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14 Ways to Describe What a Subluxation Feels Like

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Describing what a symptom feels like to someone who hasn’t experienced it can be a tricky task. This includes trying to explain what it feels like to have joints that partially dislocate on a regular basis, also known as subluxation. Even though people might understand dislocations, how do you explain subluxations?

• What is Ehlers-Danlos Syndrome?
• What Are Common Ehlers-Danlos Syndrome Symptoms?

According to Svetlana Blitshteyn, M.D., director and founder of Dysautonomia Clinic and Amherst Neurology, a subluxation is “a partial dislocation where the two bones in a joint are still partially in contact with each other.” They can occur when you’re doing an everyday activity, like carrying a basket of groceries, or doing something more strenuous. Subluxations are different than dislocations, where both of the bones in your joints are “completely separated from each other.”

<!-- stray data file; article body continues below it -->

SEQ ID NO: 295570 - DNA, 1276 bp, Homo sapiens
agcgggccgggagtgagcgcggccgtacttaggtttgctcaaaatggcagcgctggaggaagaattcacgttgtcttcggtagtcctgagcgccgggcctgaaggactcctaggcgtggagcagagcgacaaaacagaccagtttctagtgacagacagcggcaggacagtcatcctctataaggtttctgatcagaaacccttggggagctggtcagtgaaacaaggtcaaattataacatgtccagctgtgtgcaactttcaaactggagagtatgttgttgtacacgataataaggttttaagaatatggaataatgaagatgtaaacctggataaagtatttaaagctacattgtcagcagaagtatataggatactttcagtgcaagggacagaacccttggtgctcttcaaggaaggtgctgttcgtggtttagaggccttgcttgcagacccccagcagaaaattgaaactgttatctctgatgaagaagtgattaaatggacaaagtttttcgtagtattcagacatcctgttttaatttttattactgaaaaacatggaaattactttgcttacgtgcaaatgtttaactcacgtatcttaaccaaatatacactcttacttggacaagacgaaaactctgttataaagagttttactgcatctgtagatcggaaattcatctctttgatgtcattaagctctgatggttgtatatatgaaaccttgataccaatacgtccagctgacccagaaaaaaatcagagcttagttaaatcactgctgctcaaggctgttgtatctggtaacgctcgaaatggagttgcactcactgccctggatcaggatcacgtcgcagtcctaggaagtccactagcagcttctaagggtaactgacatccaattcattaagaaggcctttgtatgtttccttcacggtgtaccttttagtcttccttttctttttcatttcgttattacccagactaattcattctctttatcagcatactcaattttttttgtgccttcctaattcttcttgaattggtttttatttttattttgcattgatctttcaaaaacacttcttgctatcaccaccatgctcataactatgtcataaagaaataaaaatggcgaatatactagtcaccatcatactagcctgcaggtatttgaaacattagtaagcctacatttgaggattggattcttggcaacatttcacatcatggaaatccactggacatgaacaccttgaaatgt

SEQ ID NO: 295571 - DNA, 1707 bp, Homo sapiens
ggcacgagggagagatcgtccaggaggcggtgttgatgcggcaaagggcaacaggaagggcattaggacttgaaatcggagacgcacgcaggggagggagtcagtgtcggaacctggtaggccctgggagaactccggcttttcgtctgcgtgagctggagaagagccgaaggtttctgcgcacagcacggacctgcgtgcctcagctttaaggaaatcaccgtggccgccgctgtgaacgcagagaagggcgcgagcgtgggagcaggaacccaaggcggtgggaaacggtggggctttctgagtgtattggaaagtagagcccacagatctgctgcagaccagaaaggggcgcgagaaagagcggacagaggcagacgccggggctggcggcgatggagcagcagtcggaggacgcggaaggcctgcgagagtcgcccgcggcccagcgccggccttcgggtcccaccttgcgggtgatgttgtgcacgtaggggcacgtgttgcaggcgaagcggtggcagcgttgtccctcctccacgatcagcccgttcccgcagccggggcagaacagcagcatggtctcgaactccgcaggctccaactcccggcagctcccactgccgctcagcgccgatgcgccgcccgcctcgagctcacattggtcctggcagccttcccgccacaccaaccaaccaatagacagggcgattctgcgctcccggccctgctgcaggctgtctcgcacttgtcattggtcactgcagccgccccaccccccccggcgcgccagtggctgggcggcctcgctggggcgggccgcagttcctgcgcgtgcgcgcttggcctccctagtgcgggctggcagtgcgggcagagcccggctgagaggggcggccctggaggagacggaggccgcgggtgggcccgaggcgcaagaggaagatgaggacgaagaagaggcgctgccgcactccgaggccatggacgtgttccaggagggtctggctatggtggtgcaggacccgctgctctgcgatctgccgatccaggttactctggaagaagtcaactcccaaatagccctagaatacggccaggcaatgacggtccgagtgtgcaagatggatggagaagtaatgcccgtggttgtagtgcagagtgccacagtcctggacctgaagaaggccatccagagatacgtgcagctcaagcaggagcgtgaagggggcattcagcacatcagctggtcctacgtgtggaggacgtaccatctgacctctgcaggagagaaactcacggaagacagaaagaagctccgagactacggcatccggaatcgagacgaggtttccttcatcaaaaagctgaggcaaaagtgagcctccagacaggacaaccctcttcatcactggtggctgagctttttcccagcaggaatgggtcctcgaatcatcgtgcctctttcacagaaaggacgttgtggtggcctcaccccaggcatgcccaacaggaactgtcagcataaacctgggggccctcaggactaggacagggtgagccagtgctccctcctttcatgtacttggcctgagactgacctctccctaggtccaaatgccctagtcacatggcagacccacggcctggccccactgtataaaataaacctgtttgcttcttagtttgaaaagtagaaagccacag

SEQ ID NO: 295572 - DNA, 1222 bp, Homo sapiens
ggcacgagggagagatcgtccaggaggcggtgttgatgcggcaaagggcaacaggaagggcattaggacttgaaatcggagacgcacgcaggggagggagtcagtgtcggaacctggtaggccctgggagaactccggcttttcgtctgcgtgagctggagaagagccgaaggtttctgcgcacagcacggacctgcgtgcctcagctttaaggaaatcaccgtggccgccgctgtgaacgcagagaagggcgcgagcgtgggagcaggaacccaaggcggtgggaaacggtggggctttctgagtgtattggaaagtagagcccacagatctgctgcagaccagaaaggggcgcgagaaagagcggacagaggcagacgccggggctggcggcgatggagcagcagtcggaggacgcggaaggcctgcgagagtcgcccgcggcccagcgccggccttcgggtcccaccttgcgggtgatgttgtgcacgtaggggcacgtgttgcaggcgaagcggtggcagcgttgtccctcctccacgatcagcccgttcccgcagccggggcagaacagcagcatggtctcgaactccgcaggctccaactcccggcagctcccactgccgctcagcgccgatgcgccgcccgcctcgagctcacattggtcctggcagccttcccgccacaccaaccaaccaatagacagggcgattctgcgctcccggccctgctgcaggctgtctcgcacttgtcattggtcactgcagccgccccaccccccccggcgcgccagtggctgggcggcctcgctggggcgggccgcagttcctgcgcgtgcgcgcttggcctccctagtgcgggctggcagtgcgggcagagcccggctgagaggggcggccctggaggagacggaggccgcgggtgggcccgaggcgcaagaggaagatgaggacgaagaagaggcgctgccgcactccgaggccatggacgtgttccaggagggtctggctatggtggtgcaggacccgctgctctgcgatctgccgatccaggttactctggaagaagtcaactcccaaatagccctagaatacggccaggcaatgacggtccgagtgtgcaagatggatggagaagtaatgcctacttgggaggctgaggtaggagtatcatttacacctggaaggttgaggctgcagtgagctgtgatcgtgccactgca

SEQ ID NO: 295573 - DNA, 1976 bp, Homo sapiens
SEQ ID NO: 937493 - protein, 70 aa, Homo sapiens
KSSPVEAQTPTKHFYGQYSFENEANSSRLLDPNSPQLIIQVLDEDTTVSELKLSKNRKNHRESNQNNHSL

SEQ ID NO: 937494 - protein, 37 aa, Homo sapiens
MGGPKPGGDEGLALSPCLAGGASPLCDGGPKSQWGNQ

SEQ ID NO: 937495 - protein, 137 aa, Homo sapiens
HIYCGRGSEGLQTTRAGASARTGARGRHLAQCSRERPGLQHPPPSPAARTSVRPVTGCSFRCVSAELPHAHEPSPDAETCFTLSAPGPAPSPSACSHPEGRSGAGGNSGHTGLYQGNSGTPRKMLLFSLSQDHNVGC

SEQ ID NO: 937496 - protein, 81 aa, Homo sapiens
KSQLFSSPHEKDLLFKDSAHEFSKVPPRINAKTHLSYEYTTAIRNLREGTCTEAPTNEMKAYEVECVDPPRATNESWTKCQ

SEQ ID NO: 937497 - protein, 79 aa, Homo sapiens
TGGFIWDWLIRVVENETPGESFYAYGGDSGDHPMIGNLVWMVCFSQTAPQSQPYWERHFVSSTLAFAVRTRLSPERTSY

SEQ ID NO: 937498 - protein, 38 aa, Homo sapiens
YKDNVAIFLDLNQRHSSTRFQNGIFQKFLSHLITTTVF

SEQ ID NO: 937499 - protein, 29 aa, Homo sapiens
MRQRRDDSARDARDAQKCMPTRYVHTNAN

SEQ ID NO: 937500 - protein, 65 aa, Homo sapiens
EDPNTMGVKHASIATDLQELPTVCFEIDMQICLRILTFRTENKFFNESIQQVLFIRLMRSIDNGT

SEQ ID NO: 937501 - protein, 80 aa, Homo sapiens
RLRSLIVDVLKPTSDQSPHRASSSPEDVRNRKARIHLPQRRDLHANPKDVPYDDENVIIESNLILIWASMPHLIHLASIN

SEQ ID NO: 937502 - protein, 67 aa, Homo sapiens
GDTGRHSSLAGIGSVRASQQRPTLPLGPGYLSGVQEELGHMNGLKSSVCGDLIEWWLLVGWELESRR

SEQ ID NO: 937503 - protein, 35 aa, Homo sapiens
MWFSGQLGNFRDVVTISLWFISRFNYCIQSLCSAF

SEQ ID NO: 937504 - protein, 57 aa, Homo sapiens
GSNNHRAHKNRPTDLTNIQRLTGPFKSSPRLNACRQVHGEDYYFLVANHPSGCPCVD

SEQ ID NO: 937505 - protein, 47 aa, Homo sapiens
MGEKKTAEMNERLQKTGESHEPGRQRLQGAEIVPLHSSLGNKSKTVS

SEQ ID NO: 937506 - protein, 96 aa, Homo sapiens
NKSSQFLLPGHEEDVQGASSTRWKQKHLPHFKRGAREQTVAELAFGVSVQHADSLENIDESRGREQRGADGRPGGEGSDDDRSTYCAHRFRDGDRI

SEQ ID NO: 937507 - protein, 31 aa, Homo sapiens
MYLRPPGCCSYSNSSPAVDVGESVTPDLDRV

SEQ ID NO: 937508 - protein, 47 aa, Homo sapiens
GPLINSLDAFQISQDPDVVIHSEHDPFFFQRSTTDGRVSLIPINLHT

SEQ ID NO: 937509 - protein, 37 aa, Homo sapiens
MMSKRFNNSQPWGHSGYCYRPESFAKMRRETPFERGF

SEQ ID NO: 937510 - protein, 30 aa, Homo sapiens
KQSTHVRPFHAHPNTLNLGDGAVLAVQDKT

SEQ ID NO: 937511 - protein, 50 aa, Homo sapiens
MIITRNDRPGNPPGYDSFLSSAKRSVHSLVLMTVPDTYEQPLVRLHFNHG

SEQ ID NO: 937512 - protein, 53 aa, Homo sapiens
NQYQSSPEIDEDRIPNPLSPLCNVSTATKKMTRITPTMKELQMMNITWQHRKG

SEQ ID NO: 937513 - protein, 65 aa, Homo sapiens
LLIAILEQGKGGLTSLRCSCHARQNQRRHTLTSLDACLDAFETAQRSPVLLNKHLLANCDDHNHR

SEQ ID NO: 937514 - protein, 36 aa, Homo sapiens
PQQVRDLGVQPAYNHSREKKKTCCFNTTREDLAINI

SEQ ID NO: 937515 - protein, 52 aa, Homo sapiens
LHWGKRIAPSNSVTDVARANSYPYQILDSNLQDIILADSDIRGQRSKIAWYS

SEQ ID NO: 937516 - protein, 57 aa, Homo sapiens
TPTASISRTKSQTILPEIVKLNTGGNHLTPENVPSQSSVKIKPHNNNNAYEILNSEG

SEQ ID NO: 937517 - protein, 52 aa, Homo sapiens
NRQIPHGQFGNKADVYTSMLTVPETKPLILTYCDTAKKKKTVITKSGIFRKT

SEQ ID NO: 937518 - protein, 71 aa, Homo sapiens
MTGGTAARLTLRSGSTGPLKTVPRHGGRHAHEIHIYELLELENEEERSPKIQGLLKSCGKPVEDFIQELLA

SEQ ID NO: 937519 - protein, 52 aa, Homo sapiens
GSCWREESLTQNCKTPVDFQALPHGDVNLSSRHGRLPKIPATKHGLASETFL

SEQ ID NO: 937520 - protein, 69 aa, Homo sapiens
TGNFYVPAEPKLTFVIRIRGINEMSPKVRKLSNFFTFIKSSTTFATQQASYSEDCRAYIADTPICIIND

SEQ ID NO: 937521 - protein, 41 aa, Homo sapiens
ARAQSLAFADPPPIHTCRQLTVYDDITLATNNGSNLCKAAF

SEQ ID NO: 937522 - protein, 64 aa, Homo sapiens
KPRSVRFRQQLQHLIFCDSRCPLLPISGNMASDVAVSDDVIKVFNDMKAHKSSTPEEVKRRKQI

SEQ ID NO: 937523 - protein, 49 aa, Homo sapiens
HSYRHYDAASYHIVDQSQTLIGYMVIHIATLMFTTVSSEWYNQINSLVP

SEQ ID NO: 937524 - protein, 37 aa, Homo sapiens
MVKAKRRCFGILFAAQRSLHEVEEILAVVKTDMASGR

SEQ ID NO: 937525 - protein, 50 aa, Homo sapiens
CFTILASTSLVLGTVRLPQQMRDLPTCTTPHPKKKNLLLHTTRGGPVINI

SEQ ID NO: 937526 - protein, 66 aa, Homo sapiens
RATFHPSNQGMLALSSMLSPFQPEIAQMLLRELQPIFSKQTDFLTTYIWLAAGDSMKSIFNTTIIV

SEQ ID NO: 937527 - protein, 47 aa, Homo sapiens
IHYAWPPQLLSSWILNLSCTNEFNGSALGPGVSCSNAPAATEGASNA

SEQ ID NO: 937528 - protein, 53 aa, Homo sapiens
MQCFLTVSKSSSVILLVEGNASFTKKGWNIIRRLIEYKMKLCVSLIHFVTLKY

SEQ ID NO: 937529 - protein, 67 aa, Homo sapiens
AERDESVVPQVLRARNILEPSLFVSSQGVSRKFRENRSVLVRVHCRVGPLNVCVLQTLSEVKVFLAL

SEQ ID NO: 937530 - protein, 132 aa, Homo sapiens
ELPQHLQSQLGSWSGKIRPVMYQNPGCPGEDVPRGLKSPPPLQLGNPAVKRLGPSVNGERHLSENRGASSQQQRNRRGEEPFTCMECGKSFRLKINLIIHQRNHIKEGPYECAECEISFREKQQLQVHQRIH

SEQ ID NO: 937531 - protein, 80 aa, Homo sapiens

Subluxations can occur for many reasons, but it’s especially common if you live with Ehlers-Danlos syndrome (EDS), “a group of disorders, many of which are hereditary, that affect connective tissue supporting the skin, bones, blood vessels and many other organs and tissues,” Dr. Blitshteyn told The Mighty. EDS can cause a wide range of symptoms almost anywhere in your body, from minor joint issues to life-threatening heart problems.

There are currently 13 different types of EDS, which are usually identified by specific mutations or changes in your genes that regulate the structural protein collagen in your body. All types of EDS are considered rare, though experts believe the hypermobile type is more common than originally believed — at least 1 out of every 5,000 people have hypermobile EDS (hEDS). If you have hEDS, Blitshteyn said you have a much higher chance of also experiencing subluxations, which are caused by issues with the collagen or connective tissue that would normally hold your joints in place.